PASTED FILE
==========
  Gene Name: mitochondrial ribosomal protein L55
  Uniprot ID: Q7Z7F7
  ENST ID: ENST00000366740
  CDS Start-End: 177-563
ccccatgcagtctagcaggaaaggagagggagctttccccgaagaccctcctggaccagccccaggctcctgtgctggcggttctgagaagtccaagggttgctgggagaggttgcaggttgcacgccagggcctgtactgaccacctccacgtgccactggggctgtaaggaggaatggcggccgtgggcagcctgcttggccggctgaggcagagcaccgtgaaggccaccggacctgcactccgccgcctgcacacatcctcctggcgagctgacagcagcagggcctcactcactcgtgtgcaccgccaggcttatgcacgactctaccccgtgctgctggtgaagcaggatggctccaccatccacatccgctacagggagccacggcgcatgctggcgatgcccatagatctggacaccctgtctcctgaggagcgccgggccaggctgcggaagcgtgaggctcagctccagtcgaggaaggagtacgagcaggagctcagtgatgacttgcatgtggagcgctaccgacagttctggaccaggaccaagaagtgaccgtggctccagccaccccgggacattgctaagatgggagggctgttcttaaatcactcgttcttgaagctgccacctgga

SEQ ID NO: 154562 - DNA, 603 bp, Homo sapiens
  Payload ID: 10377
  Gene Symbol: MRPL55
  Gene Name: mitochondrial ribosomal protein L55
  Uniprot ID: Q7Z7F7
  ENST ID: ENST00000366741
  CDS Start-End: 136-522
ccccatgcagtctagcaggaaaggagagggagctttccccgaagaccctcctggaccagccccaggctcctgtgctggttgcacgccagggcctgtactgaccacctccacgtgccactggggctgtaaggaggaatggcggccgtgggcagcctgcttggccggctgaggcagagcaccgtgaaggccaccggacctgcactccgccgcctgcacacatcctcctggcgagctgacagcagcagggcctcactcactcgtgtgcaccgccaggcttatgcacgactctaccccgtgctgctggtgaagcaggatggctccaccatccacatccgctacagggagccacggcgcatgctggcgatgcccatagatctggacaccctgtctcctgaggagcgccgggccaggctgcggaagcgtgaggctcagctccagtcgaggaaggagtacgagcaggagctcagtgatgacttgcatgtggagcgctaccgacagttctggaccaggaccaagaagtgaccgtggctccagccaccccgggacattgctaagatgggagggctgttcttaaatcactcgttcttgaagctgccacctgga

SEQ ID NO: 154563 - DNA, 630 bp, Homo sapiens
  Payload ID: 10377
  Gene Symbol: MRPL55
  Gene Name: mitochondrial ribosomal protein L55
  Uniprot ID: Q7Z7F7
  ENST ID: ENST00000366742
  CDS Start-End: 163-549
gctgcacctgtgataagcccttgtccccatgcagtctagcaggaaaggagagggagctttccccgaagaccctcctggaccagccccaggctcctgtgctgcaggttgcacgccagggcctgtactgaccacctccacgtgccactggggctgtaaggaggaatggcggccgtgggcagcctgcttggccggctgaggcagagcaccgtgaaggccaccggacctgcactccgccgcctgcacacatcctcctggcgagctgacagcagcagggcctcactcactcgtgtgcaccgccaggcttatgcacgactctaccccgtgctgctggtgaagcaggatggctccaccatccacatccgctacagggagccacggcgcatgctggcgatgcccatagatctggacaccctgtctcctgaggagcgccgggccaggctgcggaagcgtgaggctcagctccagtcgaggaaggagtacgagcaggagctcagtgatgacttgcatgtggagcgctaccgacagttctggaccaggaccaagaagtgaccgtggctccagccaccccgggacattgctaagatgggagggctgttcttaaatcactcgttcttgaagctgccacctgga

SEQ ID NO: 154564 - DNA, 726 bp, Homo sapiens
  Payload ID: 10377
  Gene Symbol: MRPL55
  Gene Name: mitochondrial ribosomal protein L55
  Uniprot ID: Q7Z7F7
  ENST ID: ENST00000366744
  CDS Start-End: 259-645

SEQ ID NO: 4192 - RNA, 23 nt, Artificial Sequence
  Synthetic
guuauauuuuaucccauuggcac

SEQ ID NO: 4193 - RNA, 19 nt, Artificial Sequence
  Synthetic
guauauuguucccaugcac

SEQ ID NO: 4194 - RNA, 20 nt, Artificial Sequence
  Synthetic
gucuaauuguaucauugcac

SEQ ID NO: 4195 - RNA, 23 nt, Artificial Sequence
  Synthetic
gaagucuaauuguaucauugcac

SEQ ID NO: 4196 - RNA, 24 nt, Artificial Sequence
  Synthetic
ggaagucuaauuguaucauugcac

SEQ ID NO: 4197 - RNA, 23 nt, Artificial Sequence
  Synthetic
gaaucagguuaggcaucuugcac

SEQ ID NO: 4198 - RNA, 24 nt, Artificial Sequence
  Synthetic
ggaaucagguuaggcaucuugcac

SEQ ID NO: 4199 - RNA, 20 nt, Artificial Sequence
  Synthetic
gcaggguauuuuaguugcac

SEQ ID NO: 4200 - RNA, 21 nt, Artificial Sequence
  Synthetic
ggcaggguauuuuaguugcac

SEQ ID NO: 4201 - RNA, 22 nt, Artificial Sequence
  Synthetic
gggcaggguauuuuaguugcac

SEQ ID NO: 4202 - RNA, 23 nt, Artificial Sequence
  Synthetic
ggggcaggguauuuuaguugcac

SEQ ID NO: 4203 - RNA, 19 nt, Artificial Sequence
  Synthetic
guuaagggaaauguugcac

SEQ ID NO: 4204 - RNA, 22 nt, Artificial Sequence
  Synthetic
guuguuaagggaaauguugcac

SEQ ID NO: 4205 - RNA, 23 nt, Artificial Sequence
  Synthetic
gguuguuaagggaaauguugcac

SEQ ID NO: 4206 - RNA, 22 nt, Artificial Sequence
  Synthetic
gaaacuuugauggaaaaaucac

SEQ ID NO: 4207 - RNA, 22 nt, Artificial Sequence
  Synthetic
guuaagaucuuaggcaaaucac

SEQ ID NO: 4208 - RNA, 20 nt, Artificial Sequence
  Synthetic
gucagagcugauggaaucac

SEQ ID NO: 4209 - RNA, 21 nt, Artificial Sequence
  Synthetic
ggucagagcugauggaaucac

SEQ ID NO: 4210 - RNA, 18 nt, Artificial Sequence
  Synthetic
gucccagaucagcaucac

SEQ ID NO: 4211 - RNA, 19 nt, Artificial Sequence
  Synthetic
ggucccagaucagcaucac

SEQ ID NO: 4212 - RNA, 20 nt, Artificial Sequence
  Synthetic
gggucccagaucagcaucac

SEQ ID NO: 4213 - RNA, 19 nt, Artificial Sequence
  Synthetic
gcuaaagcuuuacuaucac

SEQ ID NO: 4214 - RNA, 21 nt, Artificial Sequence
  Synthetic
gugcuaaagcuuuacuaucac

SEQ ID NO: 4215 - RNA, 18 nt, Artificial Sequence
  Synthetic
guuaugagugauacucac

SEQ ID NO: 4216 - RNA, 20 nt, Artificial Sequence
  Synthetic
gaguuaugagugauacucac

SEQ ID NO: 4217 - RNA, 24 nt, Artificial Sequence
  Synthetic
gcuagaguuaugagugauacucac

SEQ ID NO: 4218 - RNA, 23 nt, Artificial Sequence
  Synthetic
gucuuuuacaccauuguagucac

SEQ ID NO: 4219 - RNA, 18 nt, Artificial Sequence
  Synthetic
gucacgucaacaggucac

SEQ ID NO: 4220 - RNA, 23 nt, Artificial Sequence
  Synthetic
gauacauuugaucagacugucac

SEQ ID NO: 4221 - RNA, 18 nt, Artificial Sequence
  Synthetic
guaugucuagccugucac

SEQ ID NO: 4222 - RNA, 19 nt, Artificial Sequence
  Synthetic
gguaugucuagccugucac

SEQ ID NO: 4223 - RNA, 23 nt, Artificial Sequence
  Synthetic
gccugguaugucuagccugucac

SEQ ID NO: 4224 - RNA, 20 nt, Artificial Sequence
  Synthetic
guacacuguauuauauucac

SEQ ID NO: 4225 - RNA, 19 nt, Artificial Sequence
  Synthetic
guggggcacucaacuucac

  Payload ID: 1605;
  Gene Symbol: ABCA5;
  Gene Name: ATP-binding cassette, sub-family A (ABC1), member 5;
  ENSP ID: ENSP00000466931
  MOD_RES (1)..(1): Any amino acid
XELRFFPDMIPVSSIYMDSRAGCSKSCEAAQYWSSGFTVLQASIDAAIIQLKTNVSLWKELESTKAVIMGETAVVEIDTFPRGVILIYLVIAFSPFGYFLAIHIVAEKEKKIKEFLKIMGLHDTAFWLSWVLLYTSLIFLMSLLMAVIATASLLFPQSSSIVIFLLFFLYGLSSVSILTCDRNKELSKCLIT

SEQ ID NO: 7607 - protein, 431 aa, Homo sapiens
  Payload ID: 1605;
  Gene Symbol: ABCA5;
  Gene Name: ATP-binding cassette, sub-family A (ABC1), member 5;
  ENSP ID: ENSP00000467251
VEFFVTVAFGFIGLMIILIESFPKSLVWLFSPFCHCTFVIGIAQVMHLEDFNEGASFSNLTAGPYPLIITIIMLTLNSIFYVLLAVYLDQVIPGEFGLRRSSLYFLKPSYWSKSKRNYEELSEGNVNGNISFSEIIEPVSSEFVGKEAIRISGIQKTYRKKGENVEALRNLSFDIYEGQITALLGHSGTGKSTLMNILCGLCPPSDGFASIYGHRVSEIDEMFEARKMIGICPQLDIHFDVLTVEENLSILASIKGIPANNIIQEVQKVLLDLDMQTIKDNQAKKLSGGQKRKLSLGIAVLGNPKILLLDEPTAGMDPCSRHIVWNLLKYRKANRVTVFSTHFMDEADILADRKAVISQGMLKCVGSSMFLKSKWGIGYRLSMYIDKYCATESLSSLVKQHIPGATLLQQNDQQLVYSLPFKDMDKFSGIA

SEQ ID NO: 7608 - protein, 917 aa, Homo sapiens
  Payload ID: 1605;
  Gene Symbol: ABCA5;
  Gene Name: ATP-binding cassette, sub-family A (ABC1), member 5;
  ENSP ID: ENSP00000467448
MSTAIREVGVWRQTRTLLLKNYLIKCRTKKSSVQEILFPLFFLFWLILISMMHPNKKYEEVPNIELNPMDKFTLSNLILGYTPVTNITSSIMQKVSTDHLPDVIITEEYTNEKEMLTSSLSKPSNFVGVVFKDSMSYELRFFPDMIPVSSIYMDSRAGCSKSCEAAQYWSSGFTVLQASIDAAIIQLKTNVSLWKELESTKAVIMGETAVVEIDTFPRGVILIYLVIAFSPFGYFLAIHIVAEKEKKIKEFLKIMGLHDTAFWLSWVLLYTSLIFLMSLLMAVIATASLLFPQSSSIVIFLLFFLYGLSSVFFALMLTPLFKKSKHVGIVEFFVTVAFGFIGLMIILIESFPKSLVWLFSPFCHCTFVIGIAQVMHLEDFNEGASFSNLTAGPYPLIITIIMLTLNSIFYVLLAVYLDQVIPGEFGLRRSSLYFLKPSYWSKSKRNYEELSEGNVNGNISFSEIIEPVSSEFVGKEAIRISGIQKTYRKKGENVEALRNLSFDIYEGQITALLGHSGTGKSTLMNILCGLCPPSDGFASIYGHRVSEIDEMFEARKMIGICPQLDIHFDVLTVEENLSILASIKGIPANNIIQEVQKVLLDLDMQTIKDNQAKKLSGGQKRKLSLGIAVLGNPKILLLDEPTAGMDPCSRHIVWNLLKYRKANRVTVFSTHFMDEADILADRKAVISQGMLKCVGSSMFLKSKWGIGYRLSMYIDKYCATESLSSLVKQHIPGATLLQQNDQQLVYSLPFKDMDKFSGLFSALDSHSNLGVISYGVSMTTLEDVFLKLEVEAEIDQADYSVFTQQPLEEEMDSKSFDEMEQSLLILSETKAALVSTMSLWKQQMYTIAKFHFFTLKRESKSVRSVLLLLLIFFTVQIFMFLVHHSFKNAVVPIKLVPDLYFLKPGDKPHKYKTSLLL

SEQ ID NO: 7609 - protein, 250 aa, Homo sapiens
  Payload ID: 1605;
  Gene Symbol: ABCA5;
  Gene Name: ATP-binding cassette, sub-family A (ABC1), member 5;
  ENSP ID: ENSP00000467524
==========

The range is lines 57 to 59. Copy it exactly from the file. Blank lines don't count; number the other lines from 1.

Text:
  Synthetic
gggcaggguauuuuaguugcac

SEQ ID NO: 4202 - RNA, 23 nt, Artificial Sequence